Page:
Summary: Being lured into the shallow but convenient idea that mere words rather than inequality or systemic racism (e.g. high cost of higher education) are a barrier to social justice is exactly the sort of framing that autocrats favour because it diverts attention away from vastly more problematic and unethical matters, such as bombings (it also restricts freedom of expression, i.e. criticism of such behaviour)

THE generic term master is being described as racist. It doesn’t seem to matter that in feudal contexts too there are masters. It doesn’t seem to matter that in today’s corporate contexts and environments there are masters (it’s a class thing). It doesn’t seem to matter if most classic slavery in this century is a case of people enslaving their own race (it’s still happening a lot in Africa). Forget about ‘neo’ slave labour (like sweatshops), prison labour and all sorts of financial enslavement (mostly lending). Forget about Mastercard. To merely point these things out is an invitation for controversy. As if one is being racist for merely not agreeing.

“It collectively weakens us and limits antagonism against unjust power.”The US Founding Fathers, slave owners themselves, spoke about free speech. “The will of the people is the only legitimate foundation of any government, and to protect its free expression should be our first object,” Thomas Jefferson wrote. Mark Twain once wrote: “It is by the goodness of God that, in this country, we have three benefits: freedom of speech, freedom of thought, and the wisdom never to use either.”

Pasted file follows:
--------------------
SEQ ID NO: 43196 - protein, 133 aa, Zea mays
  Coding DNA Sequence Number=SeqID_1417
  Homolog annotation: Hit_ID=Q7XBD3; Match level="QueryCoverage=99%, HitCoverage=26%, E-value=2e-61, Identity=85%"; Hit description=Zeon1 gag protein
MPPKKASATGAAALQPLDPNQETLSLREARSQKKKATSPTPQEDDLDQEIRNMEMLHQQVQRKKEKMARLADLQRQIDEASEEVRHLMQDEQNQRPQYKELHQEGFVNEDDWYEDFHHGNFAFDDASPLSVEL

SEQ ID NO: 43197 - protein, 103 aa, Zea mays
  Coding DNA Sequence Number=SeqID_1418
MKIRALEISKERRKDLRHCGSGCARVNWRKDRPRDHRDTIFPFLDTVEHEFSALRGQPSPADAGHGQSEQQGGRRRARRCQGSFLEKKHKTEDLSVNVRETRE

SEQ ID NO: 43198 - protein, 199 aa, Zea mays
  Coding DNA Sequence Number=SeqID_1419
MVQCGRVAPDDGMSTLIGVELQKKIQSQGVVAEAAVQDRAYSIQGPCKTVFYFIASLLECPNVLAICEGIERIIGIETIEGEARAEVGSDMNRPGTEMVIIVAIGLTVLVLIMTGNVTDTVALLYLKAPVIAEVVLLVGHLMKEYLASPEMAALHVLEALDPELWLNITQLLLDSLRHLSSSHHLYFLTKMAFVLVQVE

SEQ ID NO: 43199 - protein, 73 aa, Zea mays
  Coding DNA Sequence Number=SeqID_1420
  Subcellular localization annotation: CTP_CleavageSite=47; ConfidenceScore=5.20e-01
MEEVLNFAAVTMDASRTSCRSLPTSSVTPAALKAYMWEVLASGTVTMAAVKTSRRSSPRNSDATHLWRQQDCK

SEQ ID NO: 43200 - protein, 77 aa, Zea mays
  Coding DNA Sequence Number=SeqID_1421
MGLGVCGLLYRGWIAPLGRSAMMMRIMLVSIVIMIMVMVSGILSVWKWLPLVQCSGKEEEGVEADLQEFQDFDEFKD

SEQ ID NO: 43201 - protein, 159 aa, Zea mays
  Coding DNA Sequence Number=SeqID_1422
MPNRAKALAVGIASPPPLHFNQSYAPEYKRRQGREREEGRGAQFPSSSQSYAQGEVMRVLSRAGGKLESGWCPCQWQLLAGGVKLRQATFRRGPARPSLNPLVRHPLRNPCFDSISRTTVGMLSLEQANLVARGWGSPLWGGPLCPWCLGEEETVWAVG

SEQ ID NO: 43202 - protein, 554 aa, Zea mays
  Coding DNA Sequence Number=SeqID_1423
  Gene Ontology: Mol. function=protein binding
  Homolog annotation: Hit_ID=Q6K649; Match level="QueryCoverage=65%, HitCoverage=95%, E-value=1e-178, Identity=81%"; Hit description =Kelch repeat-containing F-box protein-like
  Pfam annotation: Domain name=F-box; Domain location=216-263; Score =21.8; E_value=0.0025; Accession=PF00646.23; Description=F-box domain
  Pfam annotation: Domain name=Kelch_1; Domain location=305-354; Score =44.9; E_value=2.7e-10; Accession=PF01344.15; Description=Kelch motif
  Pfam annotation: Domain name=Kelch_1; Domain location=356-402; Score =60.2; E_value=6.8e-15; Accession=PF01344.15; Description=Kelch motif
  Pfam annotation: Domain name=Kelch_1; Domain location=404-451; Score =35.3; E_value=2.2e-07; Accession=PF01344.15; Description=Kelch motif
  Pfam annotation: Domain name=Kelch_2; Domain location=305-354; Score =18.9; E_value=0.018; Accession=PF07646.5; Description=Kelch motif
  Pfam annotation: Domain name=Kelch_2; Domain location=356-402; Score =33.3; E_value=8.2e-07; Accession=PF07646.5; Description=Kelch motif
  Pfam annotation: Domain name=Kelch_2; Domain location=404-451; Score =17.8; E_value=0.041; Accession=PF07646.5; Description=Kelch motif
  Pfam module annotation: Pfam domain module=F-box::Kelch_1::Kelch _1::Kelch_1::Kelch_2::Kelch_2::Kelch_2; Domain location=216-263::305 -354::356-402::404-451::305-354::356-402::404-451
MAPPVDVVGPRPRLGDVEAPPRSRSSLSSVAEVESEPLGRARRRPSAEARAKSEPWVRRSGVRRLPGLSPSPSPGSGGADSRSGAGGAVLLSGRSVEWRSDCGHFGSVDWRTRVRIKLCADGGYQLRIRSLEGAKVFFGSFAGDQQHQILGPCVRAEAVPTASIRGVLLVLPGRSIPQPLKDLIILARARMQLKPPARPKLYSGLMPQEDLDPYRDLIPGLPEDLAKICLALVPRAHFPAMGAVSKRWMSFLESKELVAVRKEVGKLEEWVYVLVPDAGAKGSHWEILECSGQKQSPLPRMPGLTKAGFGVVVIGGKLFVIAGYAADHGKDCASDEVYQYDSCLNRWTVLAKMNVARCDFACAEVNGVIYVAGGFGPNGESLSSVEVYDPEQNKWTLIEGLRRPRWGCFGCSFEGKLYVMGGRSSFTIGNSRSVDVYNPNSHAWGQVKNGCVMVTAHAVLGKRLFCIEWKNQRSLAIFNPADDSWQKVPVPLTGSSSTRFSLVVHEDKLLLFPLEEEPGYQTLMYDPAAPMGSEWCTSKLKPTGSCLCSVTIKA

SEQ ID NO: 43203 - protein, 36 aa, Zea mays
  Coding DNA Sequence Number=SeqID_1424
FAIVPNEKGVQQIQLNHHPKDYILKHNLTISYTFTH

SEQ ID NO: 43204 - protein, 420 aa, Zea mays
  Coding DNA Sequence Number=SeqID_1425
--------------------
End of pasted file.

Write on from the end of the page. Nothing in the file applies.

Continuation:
Mark Twain and Worf: That's racist

The objective in removing the word “master” isn’t to restrict speech but to encourage manners or reduce the likelihood of discomfort, but inadvertently a word is getting a bad connotation to the point where it won’t be used as much, limiting one’s ability to express particular views. Maybe it isn’t a side effect but a subtle goal. In the name of politeness we’re being morphed or socially-engineered into obedient workers with no personal political views (for they might infringe/violate/trample on some Code of Conduct). It collectively weakens us and limits antagonism against unjust power. We emancipate almost nobody, so the net benefit is small; those who are irritated by the word “master” probably never had a master in the slavery sense (ancestors did).